Long a manual task, the job of reading water meters in Woolwich Township is becoming automated.
Work is now underway installing radio transmitters on the meters at some 6,200 households, with contractor KTI Utility Services this week wrapping up in Heidelberg, adding the village to a list of completed settlements that includes Maryhill and West Montrose. The larger jobs of Breslau, Elmira and St. Jacobs await, with Conestogo next on the list.
The work is part of million-dollar, multi-year conversion to a remote meter-reading system.
“Right now, it’s all managed on paper – it’s highly inefficient,” said township director of finance Richard Petherick, noting the current system involves having people walking around and manually reading meters, then having to enter the information into the billing system by hand.
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“It’s not really efficient at all.”
Along with some cost savings, the big advantage is the level of customer care. The township will be more able to quickly track any unusual shifts in water usage, alerting the homeowner, said Petherick, with computerized information making it easier to spot leaks or other problems.
“We’ve seen some interesting leaks,” he said. “Homeowners often didn’t find out until they received a really big bill. We want to avoid that.”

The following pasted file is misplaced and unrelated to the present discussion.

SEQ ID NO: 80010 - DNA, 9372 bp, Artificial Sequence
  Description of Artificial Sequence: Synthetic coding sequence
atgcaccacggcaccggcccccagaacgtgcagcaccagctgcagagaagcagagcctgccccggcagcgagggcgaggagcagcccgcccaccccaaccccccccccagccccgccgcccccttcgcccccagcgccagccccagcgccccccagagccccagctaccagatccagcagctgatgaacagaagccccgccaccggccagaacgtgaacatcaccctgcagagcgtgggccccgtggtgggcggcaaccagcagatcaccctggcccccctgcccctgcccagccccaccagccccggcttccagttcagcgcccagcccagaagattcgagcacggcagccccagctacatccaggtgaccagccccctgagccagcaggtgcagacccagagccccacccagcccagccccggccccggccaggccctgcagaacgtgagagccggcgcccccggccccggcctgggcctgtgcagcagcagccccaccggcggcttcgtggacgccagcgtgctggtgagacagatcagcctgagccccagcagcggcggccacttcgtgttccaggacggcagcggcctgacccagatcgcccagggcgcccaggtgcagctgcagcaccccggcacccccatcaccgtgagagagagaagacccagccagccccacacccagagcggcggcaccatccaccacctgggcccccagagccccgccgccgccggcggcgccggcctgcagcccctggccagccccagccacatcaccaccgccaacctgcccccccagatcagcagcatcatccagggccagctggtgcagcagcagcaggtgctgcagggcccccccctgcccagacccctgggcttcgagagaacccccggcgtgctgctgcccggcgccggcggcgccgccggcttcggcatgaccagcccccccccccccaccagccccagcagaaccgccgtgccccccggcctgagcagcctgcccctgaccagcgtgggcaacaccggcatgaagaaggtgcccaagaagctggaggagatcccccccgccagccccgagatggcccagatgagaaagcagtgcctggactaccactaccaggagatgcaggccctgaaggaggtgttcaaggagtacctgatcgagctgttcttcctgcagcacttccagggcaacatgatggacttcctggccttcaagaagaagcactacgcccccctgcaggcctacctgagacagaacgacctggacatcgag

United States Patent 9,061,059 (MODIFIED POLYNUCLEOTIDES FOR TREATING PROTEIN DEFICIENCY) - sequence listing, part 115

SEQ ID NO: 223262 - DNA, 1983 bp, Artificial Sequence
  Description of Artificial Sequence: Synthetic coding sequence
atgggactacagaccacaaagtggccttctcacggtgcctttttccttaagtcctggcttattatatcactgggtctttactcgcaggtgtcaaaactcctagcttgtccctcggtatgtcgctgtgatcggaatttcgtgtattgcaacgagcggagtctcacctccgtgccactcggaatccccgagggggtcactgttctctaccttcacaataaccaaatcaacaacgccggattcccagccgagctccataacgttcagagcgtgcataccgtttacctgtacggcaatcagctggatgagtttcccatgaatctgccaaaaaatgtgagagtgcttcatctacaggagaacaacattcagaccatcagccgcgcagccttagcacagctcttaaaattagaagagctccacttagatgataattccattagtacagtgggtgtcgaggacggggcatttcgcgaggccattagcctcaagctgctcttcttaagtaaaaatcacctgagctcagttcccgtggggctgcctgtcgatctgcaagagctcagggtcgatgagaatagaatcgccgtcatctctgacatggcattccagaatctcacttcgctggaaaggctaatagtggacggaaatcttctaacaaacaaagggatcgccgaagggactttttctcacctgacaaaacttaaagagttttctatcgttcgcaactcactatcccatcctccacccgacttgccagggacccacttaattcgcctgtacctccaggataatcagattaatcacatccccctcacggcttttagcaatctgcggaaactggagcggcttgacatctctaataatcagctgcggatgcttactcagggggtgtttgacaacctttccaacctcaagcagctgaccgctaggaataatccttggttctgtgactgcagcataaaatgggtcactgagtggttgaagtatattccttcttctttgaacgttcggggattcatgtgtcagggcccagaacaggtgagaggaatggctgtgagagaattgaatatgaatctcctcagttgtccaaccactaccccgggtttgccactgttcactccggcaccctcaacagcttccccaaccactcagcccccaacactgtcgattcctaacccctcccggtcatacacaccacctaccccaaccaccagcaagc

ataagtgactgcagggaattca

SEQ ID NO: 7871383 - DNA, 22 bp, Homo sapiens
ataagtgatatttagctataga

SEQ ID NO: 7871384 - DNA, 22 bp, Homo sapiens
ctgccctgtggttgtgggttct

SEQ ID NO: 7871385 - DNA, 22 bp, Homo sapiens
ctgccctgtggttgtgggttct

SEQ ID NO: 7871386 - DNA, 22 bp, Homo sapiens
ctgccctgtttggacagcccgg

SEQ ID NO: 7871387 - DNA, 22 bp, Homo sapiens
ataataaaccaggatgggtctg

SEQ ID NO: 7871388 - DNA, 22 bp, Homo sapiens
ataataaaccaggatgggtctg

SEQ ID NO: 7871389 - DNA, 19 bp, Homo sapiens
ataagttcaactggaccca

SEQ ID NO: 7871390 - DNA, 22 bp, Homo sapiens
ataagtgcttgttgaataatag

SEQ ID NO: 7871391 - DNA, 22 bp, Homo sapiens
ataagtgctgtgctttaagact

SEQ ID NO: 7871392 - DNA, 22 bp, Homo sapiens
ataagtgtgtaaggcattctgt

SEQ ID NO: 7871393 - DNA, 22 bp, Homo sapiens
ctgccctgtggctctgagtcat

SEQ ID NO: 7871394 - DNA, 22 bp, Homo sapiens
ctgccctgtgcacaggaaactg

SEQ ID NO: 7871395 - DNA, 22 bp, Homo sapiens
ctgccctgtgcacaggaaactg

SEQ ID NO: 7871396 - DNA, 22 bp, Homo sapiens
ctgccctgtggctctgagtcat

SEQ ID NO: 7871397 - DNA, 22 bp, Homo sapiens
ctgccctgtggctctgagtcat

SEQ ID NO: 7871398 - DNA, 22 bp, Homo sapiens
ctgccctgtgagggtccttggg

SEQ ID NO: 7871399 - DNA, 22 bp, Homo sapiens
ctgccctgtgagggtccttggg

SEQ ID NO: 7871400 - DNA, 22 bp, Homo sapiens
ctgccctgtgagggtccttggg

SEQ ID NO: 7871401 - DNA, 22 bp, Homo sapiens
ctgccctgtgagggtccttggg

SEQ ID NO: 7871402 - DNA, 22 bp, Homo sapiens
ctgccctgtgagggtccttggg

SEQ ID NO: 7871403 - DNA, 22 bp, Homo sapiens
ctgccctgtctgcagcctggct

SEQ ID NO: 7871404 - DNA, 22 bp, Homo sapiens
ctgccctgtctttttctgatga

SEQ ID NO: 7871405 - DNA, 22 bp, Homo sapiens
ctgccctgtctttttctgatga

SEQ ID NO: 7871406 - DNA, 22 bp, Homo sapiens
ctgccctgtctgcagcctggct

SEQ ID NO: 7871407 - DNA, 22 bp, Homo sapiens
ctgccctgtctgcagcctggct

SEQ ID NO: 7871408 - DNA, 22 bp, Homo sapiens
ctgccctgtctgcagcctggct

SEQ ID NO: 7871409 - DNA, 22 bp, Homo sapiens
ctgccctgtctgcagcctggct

The conversion project began with acquiring the hardware last year, then working out a deal with Waterloo North Hydro to allow the devices to be read over the utility’s telecommunication infrastructure. Once the hardware is in place, the township will begin using software that has the ability to do more effective system monitoring.
The hardware installation typically retrofits existing meters with the transmitter, though in some rare cases a new meter might be required, explained Reg Smith, the project manager with KTI.
A typical install takes about 15 to 20 minutes, and is done outside the home, so no access is required. While all customers have been notified of the pending work through the township billing mail-outs, KTI workers first alert each resident before starting the work.
“We knock at the residence to announce our presence,” he said, noting if there’s no reply, they simply carry out the installation of the transmitter, leaving a notice that the work was completed.
While the larger communities will take longer and may pose more issues, Smith said the upgrades have largely proceeded smoothly.
“We’re tracking pretty well as far as predictions,” he said, indicating all of the installations should be completed by year’s end.